Become a member and get exclusive access to articles, live sessions and more!
Start Your Free Trial

This is the 1st of your 3 free articles

Become a member for unlimited website access and more.

FREE TRIAL Available!

Learn More

Already a member? Sign in to continue reading

Azar Lawrence: Prayer for My Ancestors

JazzTimes may earn a small commission if you buy something using one of the retail links in our articles. JazzTimes does not accept money for any editorial recommendations. Read more about our policy here. Thanks for supporting JazzTimes.

With names like Alphonse Mouzon, Roy McCurdy and Azar Lawrence listed on the sleeve, you could be forgiven for expecting this to be either a re-release or a new release of a session recorded in the ’70s. Yet the music was recorded recently, and while some might regard the concept as “well-worn,” it could as well be considered “proven.” Lawrence came up in the ’70s as a Coltrane disciple, playing with Elvin Jones and McCoy Tyner and making well-received albums of his own. His style hasn’t much changed; he’s still the same physical, gritty, pentatonically inclined tenor and soprano saxophonist.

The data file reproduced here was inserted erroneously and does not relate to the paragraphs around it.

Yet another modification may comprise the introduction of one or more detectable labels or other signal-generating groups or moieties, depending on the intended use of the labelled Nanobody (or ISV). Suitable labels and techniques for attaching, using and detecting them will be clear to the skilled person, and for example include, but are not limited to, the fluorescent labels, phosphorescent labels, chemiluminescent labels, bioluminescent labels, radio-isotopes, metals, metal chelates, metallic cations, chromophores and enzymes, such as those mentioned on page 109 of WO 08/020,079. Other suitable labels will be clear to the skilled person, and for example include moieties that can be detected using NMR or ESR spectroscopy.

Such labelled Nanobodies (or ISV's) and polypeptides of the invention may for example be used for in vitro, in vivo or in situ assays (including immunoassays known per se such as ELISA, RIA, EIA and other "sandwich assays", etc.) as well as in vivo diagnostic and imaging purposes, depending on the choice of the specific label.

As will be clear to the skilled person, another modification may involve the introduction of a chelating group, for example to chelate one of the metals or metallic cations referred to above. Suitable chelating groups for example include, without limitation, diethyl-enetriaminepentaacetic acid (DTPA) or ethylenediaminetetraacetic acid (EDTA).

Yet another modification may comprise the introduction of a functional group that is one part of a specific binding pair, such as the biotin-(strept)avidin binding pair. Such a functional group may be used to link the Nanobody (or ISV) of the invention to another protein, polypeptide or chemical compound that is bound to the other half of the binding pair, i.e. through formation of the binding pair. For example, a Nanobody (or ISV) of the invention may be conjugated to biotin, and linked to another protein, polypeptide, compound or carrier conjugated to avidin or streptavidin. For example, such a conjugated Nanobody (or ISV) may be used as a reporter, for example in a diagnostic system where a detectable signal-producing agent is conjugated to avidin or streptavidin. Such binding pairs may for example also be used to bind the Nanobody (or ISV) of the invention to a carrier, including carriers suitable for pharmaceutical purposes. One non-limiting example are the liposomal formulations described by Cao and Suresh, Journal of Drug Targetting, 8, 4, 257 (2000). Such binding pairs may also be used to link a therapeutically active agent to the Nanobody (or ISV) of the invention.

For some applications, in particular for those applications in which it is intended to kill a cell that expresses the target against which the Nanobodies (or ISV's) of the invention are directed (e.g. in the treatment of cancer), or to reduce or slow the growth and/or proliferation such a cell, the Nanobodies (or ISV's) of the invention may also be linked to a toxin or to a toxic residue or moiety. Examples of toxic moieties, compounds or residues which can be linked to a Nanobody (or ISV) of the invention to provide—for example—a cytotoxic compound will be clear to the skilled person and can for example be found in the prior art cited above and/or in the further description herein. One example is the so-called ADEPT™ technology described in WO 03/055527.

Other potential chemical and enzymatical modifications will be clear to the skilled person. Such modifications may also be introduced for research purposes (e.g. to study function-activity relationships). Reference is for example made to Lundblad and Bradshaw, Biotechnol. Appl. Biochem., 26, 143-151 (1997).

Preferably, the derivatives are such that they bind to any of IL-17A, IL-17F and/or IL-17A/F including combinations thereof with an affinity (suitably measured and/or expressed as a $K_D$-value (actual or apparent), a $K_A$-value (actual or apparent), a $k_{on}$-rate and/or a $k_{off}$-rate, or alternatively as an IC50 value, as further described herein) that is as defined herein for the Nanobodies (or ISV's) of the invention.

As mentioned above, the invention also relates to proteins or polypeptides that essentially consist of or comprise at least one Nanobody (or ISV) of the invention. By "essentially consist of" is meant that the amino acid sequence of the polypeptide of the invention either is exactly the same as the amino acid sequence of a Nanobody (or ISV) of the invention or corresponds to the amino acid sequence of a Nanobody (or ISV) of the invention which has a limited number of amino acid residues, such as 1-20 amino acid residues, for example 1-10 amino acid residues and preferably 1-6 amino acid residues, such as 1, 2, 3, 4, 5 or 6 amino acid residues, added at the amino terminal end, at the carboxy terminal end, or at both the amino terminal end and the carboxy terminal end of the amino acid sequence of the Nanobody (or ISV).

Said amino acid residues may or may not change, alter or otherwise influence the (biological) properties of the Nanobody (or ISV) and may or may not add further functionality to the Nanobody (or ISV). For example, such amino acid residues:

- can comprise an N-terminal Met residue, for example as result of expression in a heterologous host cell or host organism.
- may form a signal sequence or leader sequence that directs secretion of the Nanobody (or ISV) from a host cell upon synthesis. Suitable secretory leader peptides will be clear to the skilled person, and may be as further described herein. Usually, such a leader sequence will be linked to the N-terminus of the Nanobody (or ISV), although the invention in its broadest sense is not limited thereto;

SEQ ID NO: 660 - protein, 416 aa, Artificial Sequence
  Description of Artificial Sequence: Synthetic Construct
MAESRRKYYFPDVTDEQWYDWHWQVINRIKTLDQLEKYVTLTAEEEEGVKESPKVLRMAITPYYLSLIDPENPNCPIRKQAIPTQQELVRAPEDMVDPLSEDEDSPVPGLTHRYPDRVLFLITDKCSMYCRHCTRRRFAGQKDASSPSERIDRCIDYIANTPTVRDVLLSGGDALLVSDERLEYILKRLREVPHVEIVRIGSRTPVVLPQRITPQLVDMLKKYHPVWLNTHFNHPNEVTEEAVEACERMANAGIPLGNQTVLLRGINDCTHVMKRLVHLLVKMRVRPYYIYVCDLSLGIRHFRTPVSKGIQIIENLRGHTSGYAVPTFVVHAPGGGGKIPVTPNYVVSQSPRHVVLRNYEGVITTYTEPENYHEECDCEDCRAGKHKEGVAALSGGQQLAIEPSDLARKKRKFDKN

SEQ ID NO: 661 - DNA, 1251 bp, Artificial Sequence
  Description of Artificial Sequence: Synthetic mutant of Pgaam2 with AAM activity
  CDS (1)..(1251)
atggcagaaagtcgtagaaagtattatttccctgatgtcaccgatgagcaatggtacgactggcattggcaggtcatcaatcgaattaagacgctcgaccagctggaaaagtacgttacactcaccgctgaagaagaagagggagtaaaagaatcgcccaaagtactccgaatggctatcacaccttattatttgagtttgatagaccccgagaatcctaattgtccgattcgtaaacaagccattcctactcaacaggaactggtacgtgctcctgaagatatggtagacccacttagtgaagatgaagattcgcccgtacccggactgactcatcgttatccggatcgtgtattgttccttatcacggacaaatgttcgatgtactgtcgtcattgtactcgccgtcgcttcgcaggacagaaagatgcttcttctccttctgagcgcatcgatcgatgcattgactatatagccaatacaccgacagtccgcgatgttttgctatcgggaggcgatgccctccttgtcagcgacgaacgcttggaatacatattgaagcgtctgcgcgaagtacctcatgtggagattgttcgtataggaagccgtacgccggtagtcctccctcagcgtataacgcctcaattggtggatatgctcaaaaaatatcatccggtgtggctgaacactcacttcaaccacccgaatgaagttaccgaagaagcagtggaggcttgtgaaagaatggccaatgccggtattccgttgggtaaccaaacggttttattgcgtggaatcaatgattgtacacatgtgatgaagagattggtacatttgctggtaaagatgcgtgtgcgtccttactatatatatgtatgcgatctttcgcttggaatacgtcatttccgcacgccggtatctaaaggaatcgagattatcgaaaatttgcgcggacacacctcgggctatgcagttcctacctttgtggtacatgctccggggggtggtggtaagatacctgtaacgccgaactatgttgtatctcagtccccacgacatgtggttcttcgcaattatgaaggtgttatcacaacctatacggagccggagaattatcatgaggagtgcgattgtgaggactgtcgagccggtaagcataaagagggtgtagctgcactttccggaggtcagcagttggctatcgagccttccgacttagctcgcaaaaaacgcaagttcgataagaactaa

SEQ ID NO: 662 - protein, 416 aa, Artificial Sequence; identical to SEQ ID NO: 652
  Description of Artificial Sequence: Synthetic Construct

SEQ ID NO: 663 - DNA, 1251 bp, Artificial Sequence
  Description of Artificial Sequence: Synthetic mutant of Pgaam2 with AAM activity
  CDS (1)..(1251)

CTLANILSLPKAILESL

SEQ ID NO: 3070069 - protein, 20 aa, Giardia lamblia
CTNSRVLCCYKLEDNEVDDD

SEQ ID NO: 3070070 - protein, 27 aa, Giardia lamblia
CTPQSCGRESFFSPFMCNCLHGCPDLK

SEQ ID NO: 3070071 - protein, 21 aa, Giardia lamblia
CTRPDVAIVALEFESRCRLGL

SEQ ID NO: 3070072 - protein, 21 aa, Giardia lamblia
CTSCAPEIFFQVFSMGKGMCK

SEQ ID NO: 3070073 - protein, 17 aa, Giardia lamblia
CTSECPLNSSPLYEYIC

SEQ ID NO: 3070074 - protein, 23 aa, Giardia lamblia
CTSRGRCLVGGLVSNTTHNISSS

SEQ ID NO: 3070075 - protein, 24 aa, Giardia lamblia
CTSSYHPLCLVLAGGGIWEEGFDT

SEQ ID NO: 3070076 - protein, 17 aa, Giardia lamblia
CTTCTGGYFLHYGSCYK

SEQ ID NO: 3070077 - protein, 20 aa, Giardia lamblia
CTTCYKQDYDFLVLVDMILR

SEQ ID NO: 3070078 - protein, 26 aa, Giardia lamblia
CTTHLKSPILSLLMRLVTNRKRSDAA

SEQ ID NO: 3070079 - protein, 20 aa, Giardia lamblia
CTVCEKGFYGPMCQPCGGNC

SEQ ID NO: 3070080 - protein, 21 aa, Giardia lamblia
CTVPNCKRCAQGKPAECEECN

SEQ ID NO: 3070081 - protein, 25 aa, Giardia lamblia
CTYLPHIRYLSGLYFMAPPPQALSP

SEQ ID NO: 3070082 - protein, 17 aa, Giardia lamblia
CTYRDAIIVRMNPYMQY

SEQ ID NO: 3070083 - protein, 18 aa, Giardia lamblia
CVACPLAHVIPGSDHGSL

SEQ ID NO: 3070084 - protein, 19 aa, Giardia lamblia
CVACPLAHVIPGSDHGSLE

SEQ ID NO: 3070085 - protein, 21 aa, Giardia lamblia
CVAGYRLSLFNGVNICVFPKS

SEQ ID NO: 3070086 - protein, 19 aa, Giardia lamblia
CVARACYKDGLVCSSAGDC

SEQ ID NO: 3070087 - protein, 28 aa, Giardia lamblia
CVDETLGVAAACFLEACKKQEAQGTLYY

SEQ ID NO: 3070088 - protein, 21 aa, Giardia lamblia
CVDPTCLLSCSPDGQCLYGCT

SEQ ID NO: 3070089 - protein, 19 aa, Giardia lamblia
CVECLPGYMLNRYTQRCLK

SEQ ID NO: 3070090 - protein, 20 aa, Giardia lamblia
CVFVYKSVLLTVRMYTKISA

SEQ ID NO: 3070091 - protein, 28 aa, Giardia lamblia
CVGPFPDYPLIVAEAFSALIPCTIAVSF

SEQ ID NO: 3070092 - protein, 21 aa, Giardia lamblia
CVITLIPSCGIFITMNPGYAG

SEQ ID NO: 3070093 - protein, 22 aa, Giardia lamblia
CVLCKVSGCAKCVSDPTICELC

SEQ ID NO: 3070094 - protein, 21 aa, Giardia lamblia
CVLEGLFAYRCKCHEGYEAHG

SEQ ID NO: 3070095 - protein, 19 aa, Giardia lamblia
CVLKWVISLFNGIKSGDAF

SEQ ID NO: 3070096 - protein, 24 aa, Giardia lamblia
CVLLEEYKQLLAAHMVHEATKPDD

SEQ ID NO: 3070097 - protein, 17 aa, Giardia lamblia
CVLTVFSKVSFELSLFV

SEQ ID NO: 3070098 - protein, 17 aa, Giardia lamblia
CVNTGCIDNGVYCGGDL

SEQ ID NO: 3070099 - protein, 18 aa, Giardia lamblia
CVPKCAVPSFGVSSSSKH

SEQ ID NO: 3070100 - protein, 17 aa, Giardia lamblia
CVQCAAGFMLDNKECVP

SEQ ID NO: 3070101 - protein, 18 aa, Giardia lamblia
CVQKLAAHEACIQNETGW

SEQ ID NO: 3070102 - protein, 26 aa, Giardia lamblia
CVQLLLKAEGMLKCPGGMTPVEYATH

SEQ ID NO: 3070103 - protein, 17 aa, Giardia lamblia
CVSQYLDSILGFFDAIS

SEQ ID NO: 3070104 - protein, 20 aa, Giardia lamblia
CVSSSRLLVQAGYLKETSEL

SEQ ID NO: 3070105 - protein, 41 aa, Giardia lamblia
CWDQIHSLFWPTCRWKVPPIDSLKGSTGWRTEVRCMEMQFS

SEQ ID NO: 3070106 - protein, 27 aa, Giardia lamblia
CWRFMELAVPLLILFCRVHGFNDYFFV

He’s joined here by a core rhythm section of pianist Nate Morgan, bassist Henry Franklin and his old friend Mouzon; guests include the ex-Cannonball Adderley drummer McCurdy and trumpeter Nolan Shaheed, among others. As Lawrence is beholden to Coltrane, so is Morgan to Tyner, enhancing the overall Coltrane Quartet vibe. Mouzon keeps the energy up and the volume under control. Bassist Franklin contributes lissome basslines and occasional solo pyrotechnics. Is the music derivative? Perhaps. But it’s also strong, honest and emotionally charged. Lawrence made his name with the music he played in the ’70s. He should get it back with the music he’s playing today.

Originally Published